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Kidney Week

Abstract: FR-PO533

Percutaneous vs. Surgical Catheter Placement in Subjects With ESKD Referred Late to Start of Peritoneal Dialysis

Session Information

Category: Dialysis

  • 702 Dialysis: Home Dialysis and Peritoneal Dialysis


  • Chavez, Hugo Enrique, Instituto Mexicano del Seguro Social, Jalisco, Guadalajara, Mexico

In developing countries, end-stage kidney disease (ESKD) patients are often referred late for renal replacement treatment. In this context requiring immediate treatment, it is unknown whether percutaneous peritoneal dialysis (PD) catheter placement is feasible and safe compared to surgical insertion. Aims: To compare clinical outcomes of percutaneous vs surgical catheter placement in a cohort of ESKD patients with need to initiate as soon as possible dialysis and referred for PD initiation.


Prospective cohort study performed at the General Regional Hospital IMSS 180, a tertiary reference center for PD care in Jalisco, Mexico (2018-2020). Subjects were selected for percutaneous catheter placement unless there was a contraindication in which case surgical insertion was performed. The goal was a short break-in period to achieve PD initiation as soon as possible.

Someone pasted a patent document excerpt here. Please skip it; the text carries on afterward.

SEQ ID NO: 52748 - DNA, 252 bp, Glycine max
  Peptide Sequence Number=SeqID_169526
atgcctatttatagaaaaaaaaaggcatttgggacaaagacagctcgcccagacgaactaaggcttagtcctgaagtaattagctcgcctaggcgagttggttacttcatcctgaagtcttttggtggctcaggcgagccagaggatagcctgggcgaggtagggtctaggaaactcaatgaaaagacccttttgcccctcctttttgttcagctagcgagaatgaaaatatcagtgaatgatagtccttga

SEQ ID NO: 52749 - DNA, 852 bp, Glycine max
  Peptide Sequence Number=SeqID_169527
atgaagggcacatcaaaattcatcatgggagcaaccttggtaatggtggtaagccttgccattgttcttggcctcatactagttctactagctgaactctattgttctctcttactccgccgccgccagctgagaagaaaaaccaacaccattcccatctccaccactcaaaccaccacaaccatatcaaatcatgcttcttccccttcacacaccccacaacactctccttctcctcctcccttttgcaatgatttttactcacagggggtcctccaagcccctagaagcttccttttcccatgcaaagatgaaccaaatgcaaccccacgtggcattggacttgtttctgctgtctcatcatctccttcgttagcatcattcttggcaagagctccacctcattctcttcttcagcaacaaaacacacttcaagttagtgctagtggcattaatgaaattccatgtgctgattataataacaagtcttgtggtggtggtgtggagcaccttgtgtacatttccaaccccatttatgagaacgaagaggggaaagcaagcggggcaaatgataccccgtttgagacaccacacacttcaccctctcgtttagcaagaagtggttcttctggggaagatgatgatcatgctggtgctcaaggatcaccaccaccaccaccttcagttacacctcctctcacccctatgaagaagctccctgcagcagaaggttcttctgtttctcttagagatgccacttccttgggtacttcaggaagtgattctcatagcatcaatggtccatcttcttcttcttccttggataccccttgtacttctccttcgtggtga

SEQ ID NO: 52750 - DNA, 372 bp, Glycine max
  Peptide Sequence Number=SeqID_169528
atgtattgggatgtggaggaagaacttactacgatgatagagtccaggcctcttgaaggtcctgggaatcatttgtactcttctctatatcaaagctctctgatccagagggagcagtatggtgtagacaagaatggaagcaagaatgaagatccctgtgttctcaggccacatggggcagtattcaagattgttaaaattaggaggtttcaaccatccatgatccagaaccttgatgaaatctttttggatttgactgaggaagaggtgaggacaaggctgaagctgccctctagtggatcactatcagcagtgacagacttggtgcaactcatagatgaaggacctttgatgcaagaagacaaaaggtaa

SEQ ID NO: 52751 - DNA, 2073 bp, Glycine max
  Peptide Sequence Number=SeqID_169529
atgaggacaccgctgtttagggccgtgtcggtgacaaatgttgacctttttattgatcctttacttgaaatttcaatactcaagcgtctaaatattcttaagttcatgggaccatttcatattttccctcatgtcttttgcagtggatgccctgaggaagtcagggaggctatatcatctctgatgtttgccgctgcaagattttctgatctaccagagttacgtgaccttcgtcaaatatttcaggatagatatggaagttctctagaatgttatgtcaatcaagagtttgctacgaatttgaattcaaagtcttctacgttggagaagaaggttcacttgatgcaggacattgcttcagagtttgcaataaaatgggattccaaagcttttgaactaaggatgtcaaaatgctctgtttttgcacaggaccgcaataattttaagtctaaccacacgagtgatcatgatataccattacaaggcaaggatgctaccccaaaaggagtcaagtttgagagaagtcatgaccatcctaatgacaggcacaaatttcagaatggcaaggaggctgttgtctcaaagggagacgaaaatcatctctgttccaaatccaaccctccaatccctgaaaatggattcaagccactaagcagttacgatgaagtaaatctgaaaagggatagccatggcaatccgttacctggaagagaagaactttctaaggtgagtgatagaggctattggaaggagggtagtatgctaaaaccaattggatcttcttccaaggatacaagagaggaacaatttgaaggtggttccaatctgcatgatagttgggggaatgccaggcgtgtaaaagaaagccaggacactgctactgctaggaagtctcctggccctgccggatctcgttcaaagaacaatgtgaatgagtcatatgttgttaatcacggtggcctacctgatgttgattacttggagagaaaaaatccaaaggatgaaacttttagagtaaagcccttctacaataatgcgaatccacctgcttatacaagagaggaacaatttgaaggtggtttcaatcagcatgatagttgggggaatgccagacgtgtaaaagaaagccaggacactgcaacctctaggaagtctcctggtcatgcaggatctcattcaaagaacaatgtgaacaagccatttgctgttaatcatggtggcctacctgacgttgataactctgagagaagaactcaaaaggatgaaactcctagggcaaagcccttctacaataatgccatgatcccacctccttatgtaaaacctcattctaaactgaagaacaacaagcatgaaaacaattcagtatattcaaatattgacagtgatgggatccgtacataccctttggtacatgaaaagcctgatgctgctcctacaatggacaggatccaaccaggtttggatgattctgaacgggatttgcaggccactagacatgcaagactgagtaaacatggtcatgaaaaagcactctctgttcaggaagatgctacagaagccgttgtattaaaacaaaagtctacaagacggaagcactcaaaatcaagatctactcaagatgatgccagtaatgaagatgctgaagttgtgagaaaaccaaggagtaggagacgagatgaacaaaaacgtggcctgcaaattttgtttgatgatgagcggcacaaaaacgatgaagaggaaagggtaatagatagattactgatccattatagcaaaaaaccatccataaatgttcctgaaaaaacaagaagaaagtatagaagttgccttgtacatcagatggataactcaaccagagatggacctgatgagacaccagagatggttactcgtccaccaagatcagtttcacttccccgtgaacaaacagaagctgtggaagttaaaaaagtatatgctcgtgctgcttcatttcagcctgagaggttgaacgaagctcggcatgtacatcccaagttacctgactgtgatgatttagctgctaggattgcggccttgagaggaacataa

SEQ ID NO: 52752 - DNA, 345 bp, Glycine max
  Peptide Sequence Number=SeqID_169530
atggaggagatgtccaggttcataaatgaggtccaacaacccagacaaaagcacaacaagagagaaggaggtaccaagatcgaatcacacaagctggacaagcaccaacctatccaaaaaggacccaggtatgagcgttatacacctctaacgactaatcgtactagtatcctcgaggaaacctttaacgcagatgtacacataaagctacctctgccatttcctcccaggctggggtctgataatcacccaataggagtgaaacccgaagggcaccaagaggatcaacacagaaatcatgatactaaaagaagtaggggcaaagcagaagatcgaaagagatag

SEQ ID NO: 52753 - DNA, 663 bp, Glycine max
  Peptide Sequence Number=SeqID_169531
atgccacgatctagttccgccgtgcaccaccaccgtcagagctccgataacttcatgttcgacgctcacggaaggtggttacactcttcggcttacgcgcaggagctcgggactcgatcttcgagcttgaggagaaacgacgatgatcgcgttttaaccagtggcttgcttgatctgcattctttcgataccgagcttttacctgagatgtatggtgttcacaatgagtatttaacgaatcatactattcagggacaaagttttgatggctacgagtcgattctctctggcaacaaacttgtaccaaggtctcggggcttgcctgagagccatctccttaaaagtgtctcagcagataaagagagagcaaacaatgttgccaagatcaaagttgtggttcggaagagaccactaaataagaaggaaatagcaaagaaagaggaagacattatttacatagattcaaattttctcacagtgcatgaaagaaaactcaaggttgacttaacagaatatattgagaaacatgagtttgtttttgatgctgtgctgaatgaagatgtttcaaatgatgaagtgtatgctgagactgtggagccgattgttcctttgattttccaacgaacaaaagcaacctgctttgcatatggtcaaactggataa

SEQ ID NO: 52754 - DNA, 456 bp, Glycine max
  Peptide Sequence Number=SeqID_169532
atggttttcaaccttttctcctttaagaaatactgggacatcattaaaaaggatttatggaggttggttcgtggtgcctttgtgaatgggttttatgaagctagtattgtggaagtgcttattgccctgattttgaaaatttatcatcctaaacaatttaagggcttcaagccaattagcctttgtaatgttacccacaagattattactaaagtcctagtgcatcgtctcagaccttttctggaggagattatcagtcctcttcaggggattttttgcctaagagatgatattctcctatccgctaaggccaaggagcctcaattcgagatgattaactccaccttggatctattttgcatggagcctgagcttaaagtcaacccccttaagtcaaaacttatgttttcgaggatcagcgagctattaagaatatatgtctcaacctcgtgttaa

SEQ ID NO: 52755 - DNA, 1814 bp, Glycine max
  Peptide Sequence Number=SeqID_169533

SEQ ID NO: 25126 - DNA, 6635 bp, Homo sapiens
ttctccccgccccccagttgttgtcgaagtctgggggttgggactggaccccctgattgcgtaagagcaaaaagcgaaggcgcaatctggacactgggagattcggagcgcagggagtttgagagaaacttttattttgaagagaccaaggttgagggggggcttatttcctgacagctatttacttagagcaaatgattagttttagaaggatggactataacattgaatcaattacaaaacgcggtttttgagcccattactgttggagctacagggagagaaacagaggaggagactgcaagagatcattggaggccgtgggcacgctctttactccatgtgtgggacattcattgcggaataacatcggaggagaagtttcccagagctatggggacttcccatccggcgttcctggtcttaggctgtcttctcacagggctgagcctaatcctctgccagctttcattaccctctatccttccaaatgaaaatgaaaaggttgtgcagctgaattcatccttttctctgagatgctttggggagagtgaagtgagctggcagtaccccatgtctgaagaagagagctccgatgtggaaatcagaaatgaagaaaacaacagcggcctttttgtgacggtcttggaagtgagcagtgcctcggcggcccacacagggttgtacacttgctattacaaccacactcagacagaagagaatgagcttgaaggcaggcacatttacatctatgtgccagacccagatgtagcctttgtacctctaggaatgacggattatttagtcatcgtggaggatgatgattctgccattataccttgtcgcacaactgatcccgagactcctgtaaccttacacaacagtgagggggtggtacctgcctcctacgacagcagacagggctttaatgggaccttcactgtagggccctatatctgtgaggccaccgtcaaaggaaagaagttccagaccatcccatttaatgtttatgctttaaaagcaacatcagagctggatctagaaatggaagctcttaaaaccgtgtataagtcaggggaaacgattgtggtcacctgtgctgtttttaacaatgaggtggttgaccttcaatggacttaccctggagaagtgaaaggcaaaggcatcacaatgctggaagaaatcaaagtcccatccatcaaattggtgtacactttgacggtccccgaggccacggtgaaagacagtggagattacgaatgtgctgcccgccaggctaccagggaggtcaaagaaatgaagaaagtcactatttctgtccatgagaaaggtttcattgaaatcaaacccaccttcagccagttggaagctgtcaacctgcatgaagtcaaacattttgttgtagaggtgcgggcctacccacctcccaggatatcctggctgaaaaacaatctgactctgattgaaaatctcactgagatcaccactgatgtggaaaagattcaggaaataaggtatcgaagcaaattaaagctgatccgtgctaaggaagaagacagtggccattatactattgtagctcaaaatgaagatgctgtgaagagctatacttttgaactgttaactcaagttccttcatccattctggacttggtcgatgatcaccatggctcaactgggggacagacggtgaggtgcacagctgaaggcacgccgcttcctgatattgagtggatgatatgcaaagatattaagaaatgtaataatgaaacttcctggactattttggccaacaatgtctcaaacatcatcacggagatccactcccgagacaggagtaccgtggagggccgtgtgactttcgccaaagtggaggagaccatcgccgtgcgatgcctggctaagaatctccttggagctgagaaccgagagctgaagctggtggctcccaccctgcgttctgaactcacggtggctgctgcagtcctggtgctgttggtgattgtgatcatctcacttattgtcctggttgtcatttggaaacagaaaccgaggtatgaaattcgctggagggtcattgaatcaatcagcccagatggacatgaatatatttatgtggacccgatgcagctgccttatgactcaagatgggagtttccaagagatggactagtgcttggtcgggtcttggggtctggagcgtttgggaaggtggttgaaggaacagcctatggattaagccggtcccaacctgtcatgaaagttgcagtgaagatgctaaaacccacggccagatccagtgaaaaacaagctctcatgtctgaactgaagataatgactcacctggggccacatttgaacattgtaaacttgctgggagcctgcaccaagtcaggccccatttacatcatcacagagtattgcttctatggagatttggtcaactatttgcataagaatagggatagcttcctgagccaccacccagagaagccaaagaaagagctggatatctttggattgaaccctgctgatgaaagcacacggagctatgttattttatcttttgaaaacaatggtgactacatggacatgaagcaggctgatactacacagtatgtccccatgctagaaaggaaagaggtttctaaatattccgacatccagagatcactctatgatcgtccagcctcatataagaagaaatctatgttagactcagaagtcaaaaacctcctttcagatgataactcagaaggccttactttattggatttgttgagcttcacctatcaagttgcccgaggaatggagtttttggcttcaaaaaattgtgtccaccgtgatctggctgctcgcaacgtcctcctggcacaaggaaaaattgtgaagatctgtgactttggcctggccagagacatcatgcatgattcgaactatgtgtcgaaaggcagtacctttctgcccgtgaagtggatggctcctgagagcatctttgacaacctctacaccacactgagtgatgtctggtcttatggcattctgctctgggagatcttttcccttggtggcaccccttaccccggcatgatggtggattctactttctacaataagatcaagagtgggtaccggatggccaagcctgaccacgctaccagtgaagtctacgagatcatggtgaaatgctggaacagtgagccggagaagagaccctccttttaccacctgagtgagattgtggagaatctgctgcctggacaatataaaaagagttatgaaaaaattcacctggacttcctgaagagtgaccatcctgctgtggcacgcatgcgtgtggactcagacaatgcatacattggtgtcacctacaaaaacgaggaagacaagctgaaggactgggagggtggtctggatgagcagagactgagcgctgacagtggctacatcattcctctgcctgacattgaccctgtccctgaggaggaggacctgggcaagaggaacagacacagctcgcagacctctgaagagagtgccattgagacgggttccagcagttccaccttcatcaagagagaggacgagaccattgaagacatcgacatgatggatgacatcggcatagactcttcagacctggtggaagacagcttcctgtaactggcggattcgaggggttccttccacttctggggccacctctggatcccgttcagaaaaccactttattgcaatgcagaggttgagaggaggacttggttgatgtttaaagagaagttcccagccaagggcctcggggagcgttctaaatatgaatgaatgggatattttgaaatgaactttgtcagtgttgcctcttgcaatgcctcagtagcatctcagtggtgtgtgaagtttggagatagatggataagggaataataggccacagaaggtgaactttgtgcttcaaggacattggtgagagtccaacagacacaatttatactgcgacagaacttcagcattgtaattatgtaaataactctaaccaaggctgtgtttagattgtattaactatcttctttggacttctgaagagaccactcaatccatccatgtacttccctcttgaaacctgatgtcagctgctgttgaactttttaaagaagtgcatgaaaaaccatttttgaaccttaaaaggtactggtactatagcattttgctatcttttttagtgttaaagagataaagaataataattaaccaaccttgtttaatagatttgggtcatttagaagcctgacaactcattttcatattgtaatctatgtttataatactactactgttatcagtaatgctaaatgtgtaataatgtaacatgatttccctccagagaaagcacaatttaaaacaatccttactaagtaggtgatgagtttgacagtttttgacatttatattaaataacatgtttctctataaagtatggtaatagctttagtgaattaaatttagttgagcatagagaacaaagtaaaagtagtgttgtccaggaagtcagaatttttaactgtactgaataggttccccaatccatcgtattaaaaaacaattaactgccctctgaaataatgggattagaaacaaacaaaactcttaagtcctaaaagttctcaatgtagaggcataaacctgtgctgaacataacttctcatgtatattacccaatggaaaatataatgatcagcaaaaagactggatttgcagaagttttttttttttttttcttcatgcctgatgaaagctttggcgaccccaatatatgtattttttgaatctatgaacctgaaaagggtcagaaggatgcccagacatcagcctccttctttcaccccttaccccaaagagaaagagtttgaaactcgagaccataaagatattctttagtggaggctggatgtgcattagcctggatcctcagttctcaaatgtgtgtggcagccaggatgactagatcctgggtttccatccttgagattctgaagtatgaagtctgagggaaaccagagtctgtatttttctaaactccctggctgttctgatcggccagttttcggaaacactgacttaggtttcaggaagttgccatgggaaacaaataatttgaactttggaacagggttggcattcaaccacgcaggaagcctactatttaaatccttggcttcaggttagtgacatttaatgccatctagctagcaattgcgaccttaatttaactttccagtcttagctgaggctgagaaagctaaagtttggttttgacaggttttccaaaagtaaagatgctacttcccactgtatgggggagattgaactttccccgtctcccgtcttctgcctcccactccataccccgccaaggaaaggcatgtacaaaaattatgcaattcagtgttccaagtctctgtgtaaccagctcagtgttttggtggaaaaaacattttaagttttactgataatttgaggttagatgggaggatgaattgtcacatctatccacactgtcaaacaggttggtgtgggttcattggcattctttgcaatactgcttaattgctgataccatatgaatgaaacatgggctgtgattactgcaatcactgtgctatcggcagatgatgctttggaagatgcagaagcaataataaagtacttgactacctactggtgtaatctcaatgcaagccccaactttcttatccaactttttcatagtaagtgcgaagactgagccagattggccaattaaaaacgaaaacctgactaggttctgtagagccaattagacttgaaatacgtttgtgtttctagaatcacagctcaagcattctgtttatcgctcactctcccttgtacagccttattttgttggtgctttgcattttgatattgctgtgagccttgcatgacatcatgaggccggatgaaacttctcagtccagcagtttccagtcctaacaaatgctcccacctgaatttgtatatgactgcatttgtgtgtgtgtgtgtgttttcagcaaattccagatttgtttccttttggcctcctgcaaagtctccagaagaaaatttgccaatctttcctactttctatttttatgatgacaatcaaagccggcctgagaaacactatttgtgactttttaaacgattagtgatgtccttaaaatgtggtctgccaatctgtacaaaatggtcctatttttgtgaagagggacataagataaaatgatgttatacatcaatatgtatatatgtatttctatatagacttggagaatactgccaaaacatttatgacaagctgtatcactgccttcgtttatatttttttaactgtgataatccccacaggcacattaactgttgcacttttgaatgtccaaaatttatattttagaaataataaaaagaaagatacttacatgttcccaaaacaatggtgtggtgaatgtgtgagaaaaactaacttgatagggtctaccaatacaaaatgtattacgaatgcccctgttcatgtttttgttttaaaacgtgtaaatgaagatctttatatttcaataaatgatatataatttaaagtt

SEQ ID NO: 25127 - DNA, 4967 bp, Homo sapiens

A total of 261 subjects underwent percutaneous (n=102, 39%) or surgical (n=159, 61%) catheter placement. Patients who underwent percutaneous insertion were younger (39 [IQR 28-58] vs 54 [IQR 35-64] years), had more males (75% vs 50%), had a higher burden of uremic symptoms (54% vs 27%), lower eGFR (4.5 [IQR 3-6] vs 6 [IQR 4-7.5] mL/min/1.73m2), and higher frequency of serum K>6 mmol/L (22% vs 6%), all with a P<0.001. Subjects in percutaneous group had less waiting time between admission and catheter placement (6 [IQR 3-9] vs 11 [IQR 9-15] days), less time of break-in waiting period (1 [1-1] vs 2 [2-3] days) and shorter length of stay (13 [10-19] vs 18 [14-23], days, Fig 1). Nevertheless, percutaneous procedure was associated with a higher number of complications (48% vs 20%, P<0.001), including catheter dysfunction requiring surgery repair and/or exchange (29% vs 11%, P<0.001). Mortality during 3 year of follow-up was similar between percutaneous (23%) and surgical (24%) groups (log-rank=0.76, 95% CI: 0.46-1.26).


Compared to SX catheter insertion, percutaneous catheter placement in patients with need to initiate as soon as possible dialysis, significantly decreases waiting time between admission and catheter placement, break-in period, and the length of stay. Although the need for catheter exchange was more frequent with percutaneous technique, percutaneous placement allowed PD start in the majority of late-referred patients with advanced uremia.


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